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Collecting Vintage Recipe Books

Many people love to collect vintage recipe and cookery books, and the yay retro! online vintage shop always tries to keep a selection in stock to buy. An invaluable source of down to earth and cordon bleu cookery, they are fun, affordable and packed full of cooking history.

above... a series of mini cookbooks released by Stork margarine in the 1960/70s.

Many famous food brands have published recipe leaflets and books over the years and these reflect the times in which they were written. Often people needed to collect labels from the foods and send them in to redeem their free book. Other times you would fill in an application form on the back of the packet and send a money order or cheque with an SAE (stamped addressed envelope) to receive the book back. Such books and leaflets are now highly sought after by vintage collectors who wish to find out about the foods people used to eat, and to try recipes which were being used by their Mothers, Grandmothers and Great Grandmothers back in the day.

Foods such as pineapples and avocado which seemed glamorous in the 60s and 70s are now common place, and other foods which were eaten weekly in the 40s, 50s & 60s such as tripe and offal are rarely cooked by families nowadays.

It's really interesting to see how foods were presented in cook books, these range from lavish, ornate creations which can turn the stomach somewhat today (eg. the fish below found in Mrs Beetons cookbook) to very simple recipes which can seem a bit silly to us now (e.g the fruit salad served in a pineapple above). It's worth remembering that after the war being able to easily get a pineapple at the local shop was still completely amazing and also quite rare, so serving one at a dinner party was luxury itself. I grew up in the 60s and 70s and tinned pineapple in syrup was my Mum's choice, I can't ever recall eating a fresh pineapple back then. 

One of the fabulous things about vintage recipe books aside from the wealth of cooking knowledge and recipes is that they offer us wonderful illustrations and photos. These tell us so much about the styles in vogue at the time. Below is a delightful pastel illustration showing the desserts that can be made with a Kenwood Mixer. Some of these would seem to tax all but the most accomplished chef, but were there to inspire the housewife to hold a glamorous dinner party. This was something that many couples did with regularity - people often did not eat out as it was simply not affordable to most.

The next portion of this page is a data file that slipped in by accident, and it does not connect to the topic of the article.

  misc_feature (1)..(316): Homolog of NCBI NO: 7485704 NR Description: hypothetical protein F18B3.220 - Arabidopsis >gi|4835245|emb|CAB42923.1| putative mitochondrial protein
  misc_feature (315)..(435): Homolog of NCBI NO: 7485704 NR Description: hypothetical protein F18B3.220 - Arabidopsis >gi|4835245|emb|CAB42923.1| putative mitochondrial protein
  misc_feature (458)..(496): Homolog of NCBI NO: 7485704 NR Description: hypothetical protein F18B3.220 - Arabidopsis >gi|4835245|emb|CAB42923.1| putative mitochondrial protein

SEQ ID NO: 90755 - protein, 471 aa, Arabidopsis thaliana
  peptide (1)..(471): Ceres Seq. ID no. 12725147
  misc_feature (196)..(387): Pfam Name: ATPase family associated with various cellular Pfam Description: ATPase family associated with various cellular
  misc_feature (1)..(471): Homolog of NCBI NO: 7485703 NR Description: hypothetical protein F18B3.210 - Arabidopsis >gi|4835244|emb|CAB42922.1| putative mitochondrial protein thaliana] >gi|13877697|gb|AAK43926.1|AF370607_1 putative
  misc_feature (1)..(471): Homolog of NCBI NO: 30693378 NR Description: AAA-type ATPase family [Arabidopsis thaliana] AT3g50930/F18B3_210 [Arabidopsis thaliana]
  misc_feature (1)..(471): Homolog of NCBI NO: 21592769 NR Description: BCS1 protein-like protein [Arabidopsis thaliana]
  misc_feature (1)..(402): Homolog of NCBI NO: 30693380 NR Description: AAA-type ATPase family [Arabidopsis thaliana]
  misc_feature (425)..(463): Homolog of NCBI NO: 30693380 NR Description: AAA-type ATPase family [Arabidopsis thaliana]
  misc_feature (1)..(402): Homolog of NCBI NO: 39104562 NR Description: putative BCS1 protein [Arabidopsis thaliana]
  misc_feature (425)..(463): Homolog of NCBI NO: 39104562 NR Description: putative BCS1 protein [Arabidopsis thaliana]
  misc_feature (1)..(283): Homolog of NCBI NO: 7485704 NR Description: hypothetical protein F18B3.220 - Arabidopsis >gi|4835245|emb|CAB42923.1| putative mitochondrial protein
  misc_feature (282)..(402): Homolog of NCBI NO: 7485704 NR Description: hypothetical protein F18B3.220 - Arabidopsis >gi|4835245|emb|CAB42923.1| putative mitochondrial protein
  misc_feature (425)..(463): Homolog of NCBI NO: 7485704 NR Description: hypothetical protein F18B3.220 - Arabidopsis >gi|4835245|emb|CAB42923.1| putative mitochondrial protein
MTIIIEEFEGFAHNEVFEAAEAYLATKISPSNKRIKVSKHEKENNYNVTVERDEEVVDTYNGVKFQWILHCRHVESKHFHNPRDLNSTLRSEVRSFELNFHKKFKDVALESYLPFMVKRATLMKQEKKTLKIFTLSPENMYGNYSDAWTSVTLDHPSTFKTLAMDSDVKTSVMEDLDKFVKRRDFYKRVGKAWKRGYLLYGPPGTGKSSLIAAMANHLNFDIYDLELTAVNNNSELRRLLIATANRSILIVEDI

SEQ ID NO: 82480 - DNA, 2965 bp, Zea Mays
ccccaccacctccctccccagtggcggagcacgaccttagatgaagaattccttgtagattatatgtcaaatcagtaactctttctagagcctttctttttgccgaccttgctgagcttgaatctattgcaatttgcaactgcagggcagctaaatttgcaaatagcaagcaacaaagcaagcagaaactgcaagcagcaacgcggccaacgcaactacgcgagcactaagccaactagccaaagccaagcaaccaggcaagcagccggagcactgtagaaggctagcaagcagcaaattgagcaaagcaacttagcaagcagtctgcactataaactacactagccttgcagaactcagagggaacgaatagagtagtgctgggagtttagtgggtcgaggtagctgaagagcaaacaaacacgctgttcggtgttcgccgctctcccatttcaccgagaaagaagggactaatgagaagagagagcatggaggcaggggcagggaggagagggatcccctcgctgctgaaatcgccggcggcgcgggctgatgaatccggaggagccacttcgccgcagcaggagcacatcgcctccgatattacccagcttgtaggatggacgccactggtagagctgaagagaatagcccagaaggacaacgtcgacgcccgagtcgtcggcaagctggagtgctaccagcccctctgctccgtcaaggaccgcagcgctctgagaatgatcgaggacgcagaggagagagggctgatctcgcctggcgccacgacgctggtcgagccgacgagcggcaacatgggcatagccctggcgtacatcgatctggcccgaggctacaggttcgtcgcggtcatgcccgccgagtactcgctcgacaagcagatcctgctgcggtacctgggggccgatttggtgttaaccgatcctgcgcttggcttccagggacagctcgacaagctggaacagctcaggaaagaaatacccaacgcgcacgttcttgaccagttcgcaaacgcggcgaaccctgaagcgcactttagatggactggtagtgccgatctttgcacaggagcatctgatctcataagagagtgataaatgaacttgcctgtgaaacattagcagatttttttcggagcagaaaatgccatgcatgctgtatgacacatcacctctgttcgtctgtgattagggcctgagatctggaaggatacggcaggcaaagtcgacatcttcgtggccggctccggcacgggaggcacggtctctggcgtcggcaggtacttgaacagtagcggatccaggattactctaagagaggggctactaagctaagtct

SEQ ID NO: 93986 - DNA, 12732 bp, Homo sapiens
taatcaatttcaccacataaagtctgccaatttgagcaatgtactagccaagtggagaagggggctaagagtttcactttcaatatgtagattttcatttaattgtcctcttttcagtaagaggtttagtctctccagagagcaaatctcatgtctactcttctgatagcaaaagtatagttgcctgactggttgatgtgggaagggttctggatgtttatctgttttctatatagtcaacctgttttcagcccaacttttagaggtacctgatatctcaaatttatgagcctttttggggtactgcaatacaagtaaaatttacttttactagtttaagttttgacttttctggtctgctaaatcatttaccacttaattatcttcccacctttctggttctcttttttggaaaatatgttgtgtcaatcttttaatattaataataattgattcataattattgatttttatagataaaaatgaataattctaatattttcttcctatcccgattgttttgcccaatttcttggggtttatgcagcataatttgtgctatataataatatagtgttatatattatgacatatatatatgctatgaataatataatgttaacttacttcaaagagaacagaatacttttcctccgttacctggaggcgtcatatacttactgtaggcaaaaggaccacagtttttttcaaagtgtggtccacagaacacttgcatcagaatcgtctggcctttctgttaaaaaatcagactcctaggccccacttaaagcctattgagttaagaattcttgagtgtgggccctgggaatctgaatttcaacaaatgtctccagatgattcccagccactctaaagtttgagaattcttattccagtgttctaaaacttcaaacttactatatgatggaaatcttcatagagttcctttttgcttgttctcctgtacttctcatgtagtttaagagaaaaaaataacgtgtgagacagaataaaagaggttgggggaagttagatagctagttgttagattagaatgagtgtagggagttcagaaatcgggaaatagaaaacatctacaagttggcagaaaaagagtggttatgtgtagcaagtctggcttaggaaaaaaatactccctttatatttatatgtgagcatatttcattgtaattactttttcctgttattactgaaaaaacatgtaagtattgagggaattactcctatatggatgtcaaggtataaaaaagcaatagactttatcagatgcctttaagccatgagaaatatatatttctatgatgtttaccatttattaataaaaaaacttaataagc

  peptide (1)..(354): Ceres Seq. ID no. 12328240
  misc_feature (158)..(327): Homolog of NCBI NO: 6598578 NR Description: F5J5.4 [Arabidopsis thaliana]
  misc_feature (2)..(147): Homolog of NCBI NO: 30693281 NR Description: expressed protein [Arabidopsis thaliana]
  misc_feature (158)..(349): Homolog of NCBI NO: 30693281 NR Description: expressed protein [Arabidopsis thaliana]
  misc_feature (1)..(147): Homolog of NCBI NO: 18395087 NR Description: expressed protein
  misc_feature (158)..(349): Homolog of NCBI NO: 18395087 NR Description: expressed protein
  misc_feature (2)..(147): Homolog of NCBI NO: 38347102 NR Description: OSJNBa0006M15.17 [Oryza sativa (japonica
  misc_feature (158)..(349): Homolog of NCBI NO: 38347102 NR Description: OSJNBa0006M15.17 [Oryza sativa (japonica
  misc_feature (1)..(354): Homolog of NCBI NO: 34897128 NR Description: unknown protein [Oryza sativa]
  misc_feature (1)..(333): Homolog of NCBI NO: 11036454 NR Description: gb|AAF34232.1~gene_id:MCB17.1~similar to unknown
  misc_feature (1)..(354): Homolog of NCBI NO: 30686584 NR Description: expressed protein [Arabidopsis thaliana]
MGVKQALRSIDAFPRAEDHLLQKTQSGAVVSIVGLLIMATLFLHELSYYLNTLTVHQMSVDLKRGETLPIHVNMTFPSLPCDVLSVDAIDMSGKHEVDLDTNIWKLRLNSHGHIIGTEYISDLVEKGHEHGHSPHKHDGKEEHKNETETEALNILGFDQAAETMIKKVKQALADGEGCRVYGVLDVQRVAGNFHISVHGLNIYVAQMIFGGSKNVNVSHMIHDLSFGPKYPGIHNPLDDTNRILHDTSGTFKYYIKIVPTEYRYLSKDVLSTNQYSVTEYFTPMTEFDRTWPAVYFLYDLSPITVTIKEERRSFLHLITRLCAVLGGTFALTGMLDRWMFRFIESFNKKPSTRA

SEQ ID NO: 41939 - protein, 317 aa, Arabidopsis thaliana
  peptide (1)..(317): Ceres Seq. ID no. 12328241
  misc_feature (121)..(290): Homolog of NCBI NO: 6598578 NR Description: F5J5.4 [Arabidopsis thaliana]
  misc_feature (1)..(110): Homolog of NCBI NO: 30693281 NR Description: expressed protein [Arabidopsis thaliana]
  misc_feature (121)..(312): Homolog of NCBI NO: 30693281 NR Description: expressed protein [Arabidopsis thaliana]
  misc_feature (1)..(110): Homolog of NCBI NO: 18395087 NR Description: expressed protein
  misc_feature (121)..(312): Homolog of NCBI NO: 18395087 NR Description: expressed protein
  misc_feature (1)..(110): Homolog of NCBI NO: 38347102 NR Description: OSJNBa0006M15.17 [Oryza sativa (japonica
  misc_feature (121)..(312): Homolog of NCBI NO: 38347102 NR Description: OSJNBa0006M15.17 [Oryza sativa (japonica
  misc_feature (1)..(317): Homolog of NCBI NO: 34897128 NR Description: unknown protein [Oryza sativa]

Personally, I love cartoon illustrations like the one below from the 1970 Weight watchers book I have for sale. Fabulous illustrations like these can be found in many cook books of the time. It's worth looking out for children's cookbooks too if you like this sort of thing. One very collectable book is The Ladybird We Can Cook Book which is packed full of amazing pictures.

The photos in vintage recipe books show us not only the kinds of food being cooked, but the way tables were laid and the kinds of table and kitchenware that people aspired to own and use at the time. In the 70s pottery and earthenware were favoured as can be seen in the book below. This was often twinned with gingham or flower power tablecloths.

At the time people cooked a lot of meat, pastry and cakes and used a lot more cream than is recommended today!  With people working with their hands and being far more physical in the workplace, the calories were soon burnt off! I can recall 100s and 100s of men cycling home from the steelworks in our local town at teatime for instance.

Making cakes at the weekend for Sunday tea was the norm in many homes, and housewives would swop recipes with one another keeping them in folders and recipe boxes such as the one below. It's great to find something like this as you can have a go at someone's handwritten recipe knowing that it was one that was loved and shared.

yay retro! aim to have a good selection of vintage recipe and cookery books in stock at all times. Click here to see what I have for sale right now, I can combine postage if you see more than one you'd like.

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